I'm a fan of red-light cameras, despite cursing them for the $600 they cost me for a San Diego intersection photo op and online traffic school instruction.
My wife and I were on our way back from the airport when I came upon
the turn off North Harbor Drive onto West Laurel Street. I call it the
Intersection From Hell, where two streams of oncoming traffic,
controlled by two stop lights, divide. Traffic was light that day, and
we were engaged in a spirited conversation. While crossing through the
IFH I asked my wife, "Did I just run a red light?" She said, "I think
I was certain she was wrong after several weeks of opening the mail
with baited breath. Two months had passed before I received the photos
of me at the wheel. They were taken from three different angles of our
Honda caught in the middle of the intersection while a red light beamed
in the background.
After briefly considering a court appearance, pleading old guy
confusion in hopes of a reduced fine, I decided to use the painful
episode as a learning experience. It not only taught me to be more alert
behind the wheel, but to pay closer attention to speed limits and amber
I'm not unhappy with the absence of red-light cameras in Carlsbad.
Maybe there are fewer serious accidents caused by stoplight violators.
But using technology to improve traffic safety makes a lot of sense.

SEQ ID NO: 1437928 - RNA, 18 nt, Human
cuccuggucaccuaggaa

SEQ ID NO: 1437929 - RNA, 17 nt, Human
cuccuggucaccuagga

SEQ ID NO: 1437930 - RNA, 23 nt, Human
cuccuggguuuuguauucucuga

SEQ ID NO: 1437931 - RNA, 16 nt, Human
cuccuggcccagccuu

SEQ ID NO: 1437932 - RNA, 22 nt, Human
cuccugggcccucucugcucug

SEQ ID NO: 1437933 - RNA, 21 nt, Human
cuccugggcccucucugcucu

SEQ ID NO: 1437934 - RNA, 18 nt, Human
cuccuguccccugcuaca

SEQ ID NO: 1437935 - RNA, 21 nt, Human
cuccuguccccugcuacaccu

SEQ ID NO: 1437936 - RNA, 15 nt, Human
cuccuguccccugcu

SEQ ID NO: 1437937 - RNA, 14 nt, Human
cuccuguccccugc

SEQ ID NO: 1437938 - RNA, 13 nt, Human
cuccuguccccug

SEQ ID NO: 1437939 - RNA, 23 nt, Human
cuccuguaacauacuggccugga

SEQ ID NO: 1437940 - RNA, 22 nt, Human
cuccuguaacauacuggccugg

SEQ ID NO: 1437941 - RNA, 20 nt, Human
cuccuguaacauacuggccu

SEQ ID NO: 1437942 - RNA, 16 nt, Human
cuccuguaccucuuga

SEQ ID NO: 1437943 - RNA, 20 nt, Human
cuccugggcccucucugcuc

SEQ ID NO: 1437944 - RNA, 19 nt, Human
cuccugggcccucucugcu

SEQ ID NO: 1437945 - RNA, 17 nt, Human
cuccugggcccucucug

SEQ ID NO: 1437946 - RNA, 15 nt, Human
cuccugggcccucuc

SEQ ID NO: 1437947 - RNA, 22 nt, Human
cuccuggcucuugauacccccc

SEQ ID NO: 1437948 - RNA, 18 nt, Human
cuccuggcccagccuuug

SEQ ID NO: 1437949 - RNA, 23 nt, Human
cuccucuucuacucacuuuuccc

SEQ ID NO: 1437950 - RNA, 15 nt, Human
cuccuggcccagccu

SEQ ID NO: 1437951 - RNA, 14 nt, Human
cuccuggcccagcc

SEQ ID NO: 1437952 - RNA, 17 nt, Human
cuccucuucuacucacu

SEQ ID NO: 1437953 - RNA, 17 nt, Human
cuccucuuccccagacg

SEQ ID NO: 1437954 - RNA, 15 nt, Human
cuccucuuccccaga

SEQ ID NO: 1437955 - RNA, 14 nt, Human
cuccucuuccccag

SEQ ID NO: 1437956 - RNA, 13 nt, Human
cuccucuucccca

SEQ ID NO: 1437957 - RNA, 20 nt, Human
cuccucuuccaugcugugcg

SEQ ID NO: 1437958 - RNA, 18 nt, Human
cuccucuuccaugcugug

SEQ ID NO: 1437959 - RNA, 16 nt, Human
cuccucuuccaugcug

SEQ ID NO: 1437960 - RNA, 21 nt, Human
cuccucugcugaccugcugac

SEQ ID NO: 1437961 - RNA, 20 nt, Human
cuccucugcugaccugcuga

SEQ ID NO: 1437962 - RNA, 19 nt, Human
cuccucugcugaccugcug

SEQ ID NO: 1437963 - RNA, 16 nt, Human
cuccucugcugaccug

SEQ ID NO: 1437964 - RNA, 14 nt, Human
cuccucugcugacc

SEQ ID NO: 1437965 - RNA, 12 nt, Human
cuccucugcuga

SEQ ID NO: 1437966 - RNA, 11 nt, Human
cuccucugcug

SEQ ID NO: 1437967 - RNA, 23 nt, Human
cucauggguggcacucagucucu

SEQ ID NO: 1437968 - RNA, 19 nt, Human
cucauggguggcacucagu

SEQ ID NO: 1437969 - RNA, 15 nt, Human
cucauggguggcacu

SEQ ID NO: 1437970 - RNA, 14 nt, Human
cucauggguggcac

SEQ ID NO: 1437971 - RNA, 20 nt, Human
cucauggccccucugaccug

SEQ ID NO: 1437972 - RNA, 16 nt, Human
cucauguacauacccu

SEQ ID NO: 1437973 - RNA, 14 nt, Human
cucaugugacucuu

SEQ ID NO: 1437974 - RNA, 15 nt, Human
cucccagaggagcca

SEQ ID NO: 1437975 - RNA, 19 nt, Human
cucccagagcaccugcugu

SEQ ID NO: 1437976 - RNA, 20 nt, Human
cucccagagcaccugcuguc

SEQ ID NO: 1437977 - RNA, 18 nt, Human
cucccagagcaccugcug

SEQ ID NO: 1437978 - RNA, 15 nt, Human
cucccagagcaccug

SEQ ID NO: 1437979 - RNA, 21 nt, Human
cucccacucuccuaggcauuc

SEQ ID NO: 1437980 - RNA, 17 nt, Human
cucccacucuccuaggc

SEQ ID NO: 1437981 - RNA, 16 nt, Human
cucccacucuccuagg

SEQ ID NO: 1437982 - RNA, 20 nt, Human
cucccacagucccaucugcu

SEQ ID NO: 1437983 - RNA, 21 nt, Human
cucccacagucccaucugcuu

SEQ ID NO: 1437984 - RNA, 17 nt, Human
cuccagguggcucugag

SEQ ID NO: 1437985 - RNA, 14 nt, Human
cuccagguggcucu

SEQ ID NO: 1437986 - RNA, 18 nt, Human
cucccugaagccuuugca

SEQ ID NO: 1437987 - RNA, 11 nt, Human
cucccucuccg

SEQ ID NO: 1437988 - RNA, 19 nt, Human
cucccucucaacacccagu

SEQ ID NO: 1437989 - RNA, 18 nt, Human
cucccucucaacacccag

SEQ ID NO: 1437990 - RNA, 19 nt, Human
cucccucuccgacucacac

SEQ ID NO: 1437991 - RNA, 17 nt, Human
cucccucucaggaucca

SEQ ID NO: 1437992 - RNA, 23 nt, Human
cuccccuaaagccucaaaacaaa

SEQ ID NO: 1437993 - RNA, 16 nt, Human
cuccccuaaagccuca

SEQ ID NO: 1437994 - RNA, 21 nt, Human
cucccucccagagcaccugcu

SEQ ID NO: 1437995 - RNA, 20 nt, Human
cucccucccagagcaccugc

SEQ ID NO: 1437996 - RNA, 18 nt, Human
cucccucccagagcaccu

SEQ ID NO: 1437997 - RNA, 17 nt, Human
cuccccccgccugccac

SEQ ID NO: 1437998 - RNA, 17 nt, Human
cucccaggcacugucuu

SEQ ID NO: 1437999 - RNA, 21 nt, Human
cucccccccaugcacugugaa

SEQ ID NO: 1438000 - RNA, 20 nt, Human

California drivers are famous for ignoring speed limits, refusing to use
turn signals, and engaging in rolling stops. Traffic cops need all the
help they can get to keep us safe on the road.
The most effective use of technology for traffic safety I've seen is
the digital speed limit signs showing your current speed together with
the posted speed limit. What makes them so effective when standard speed
limit signs and your own speedometer give you the same information?
Edward Muzio, CEO of Group Harmonics, explains why. The blinking of
their message catches your eye with its instant feedback and displays
your speed to other drivers, producing peer pressure to drive within the
Aviara Parkway has digital speed limit signs lining the road as it
passes Aviara Elementary School. They light up when you approach the
speed limit and begin blinking, SLOW DOWN! SLOW DOWN! when you exceed
it. Unlike red-light cameras, you don't get your picture taken and
slapped with a fine a few months later.
Red-light camera objectors claim they make too many mistakes, that
they create more rear-end collisions, and that they're just a scam to
enable cities to collaborate with private companies to pick our pockets.
There's plenty of evidence red-light cameras are more helpful than
harmful, but maybe expanding the use of digital speed limit signs and
other technology that changes bad driving behavior, rather than simply
punishing it, will be both more effective and more acceptable to those
who fear Big Brother.